KANSAS CITY, Mo. - Marty Schottenheimer was walking up the 16th fairway near his Florida home when he noticed a golf cart hurrying toward him. It was someone from the golf shop.
""He told me, "Coach, you need to call your wife,' Schottenheimer said.
Pat Schottenheimer's voice was urgent.
""She said, "Marty, they called from Kansas City to say that Derrick has been in a serious accident,' he said.
She was talking about Derrick Thomas - a great young linebacker with a light-up-the-room smile, an All-Pro who turned the Chiefs back into winners. Thomas was unstoppable. Thomas was indestructible.
How could he be lying on a highway somewhere, broken, helpless, scared?
""I broke down in tears,' Schottenheimer said. ""I couldn't believe it. It was just horrible.'
Typically running late, Thomas was headed for the airport to catch a flight to St. Louis and watch the NFC championship game on Jan. 23, 2000. Police reports said he was speeding and weaving in and out of traffic when the SUV he was driving flipped and rolled on the snowy highway,
One passenger who was wearing his seat belt walked away. One who was not died instantly. Thomas, his seat belt unfastened, was hurled violently to the pavement.
At first there was hope he might live. But in a Miami hospital 16 days later, paralyzed from the chest down, he said, ""Mom, I don't feel good,' and died of a pulmonary embolism.
He was dead at 33. On Saturday, Thomas, one of greatest pass rushers in NFL history, will enter the Pro Football Hall of Fame in Canton, Ohio.
Thomas was the first player drafted when general manager Carl Peterson and Schottenheimer took over the Chiefs in 1989. He provided the foundation for one of the league's great rebuilding jobs. The Chiefs had become NFL weaklings and there was even talk of the franchise leaving town before he arrived from Alabama as the overall No. 4 draft choice.
After an impressive performance during a preseason game his rookie year, a reporter remarked that Kansas City hadn't had an outside pass rush in about 15 years.
""Well, they've got one now,' he said, flashing what would become his trademark grin.
Quick and powerful and blessed with a rare ability to maintain his balance while keeping his hips low to the ground and pivoting around blockers, Thomas - No. 58 - was the most productive passer-smasher of the 1990s.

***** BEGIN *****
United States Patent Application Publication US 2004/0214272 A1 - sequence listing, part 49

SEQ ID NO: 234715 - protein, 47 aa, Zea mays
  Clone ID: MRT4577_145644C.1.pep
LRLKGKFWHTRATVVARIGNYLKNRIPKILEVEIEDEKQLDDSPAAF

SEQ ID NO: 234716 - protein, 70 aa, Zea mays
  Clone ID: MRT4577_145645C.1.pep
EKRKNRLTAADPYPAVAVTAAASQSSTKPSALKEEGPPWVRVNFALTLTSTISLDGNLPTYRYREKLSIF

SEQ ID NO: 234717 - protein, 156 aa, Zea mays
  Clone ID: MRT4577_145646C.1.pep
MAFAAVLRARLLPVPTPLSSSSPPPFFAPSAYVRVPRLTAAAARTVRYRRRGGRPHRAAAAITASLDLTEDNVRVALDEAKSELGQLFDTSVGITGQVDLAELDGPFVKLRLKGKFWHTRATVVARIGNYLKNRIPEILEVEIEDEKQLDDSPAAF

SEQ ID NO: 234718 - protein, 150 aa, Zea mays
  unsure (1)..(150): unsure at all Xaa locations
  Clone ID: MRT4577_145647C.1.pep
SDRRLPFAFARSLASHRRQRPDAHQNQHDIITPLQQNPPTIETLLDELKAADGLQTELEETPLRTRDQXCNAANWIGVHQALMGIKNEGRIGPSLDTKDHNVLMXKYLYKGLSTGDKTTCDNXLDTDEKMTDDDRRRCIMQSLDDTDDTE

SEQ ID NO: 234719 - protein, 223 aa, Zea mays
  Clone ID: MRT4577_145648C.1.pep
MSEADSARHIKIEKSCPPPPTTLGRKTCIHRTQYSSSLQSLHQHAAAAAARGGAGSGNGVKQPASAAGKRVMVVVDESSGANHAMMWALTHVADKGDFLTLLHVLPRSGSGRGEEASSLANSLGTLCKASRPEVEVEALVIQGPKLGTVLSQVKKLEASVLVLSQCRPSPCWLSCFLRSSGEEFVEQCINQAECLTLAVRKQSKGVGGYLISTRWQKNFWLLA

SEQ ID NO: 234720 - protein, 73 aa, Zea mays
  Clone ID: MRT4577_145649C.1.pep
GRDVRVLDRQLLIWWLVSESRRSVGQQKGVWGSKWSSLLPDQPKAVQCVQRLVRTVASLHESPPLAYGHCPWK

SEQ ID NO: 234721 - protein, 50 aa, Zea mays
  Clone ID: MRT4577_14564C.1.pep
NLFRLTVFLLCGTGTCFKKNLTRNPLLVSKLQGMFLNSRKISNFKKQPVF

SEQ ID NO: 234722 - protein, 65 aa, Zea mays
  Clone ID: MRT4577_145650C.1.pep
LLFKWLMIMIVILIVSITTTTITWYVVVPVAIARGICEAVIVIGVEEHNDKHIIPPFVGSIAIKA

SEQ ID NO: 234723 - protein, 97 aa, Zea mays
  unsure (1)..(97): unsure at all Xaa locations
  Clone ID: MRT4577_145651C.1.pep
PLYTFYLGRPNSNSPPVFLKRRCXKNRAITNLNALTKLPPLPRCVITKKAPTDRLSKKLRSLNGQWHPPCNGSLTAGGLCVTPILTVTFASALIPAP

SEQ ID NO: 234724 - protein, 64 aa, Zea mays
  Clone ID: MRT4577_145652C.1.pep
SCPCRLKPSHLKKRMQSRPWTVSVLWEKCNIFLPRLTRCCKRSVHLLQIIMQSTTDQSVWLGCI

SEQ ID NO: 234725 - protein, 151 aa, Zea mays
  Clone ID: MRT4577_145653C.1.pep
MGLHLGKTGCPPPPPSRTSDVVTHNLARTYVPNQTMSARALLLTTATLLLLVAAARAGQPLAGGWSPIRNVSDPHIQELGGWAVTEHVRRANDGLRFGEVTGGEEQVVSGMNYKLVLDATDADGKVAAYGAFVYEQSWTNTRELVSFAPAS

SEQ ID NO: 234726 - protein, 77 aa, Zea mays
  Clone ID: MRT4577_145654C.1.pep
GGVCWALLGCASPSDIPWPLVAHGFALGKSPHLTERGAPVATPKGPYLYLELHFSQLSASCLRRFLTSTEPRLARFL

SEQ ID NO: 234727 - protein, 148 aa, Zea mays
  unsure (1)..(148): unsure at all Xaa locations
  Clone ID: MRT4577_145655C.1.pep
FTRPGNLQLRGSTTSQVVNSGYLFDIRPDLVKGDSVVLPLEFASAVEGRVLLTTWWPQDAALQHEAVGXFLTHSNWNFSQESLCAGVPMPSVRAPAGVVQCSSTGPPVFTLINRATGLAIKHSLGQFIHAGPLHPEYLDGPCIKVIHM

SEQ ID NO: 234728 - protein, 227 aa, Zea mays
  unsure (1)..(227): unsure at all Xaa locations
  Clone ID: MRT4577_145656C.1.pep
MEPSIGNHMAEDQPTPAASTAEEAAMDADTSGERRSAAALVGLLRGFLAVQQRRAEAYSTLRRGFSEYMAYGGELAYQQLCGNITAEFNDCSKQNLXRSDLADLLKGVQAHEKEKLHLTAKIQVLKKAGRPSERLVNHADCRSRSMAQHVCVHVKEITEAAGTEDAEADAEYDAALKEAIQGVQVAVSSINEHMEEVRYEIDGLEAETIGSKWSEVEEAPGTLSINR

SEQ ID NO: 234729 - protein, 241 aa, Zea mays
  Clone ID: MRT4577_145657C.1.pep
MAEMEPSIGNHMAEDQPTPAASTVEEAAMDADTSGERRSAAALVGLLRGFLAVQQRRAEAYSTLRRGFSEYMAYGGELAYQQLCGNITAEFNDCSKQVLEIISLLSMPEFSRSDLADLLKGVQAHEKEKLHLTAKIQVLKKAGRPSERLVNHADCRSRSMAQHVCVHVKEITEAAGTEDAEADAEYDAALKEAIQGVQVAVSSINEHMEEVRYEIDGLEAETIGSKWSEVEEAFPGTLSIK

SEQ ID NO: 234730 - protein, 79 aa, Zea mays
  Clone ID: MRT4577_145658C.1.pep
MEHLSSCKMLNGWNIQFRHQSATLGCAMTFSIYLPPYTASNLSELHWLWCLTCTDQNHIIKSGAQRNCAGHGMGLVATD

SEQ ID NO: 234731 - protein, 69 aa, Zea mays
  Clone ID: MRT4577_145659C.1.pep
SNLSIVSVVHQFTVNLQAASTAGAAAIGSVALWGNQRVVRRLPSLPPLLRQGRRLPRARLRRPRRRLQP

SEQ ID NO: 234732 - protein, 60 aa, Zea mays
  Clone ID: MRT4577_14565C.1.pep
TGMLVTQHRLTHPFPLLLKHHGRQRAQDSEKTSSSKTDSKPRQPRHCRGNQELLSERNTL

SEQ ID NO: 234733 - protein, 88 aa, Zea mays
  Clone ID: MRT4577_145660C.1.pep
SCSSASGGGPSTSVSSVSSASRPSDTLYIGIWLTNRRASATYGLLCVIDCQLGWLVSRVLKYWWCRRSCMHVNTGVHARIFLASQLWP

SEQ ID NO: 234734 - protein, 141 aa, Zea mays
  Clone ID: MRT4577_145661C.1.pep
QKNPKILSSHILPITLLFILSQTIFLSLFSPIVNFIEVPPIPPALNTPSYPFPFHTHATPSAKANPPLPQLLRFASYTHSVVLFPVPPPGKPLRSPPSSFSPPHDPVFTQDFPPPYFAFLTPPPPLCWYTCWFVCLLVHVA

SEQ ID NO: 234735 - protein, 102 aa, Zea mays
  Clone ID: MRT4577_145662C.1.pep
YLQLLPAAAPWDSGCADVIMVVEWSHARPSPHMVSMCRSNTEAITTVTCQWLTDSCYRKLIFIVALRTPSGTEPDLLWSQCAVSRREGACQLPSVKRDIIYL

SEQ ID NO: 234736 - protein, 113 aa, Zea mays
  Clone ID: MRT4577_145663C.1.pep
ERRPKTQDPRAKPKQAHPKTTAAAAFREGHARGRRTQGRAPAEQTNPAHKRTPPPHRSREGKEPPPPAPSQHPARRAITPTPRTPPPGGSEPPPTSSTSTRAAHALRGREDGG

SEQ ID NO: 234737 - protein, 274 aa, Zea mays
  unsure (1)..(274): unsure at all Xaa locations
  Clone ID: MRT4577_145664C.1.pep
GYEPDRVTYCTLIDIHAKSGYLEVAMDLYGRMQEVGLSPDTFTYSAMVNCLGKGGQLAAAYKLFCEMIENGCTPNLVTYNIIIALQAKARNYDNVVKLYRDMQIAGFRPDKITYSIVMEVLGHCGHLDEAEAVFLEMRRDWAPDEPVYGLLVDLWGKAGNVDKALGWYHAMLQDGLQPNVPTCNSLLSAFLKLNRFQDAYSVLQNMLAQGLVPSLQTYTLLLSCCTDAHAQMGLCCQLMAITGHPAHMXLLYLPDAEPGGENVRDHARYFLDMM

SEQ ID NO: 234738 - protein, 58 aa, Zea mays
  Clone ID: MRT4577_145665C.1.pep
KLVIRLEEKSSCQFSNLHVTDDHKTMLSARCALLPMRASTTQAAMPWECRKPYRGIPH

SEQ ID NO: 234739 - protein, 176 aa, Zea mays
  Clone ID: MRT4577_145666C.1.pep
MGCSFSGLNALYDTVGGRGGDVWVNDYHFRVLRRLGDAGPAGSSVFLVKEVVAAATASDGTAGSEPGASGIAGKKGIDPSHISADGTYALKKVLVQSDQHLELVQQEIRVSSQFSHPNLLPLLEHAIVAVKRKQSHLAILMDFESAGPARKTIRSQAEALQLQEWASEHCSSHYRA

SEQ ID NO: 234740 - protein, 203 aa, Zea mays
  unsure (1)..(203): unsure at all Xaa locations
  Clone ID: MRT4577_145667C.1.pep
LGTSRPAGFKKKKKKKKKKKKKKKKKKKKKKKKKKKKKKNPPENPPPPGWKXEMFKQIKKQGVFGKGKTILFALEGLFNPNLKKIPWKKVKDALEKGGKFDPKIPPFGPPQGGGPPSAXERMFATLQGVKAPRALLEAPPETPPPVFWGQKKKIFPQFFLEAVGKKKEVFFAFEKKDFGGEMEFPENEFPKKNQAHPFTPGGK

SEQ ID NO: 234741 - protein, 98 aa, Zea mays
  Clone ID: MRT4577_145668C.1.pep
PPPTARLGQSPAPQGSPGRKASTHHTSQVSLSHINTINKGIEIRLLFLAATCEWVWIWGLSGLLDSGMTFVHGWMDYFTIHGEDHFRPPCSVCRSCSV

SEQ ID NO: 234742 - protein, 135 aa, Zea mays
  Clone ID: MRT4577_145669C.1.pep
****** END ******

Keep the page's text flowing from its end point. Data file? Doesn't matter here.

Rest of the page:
His 1161â "2 sacks from 1990-99 led the NFL. His 1261â "2 career sacks are a Chiefs record. One day in 1990 in a loss to Seattle, he sacked Dave Krieg seven times. Nineteen years later, it still stands as a one-game record.
""Derrick weighed 250-255 and we designed what we did to try to put him in a position to do what he did best,' Schottenheimer said. ""That was to go after the quarterback. You don't see many quarterbacks throwing effectively when they're looking over their back shoulder and wondering, "Who's that guy coming at me?'
Anchored by a tremendous defense, the Chiefs became the dominant team of the AFC West and trailed only the Bills and 49ers in total wins for the entire decade.
""Any time you can get a player, on offense or defense, who must become the focal point of the opponent, those kind of players are rare,' Schottenheimer said. ""He had to be accounted for on every play or he would beat you.'
The son of an Air Force pilot who died in Vietnam during Operation Linebacker II, Thomas was usually at his best when military jets made pregame flyovers. It was Veterans Day that he had the seven sacks against Seattle.
""I always think of my dad when I see the military planes,' he once said. ""It makes me feel sad that I had to grow up without him. But I guess it also gets my adrenaline going. I dedicate the game to him and I want to do my best for him.'
While his sack totals are a part of the record, the number of lives he helped save can never be known.
After the accident, a Missouri highway patrolman said he noticed that more drivers were wearing seat belts. His mother established MomstoMoms58, which sought to educate the public about seat belt safety. The lesson was not lost on Schottenheimer.
""I never wore a seat belt,' he said. ""I always said cynically that I didn't want to be trapped in the wreckage. But from that day on, I have used a seat belt without fail.'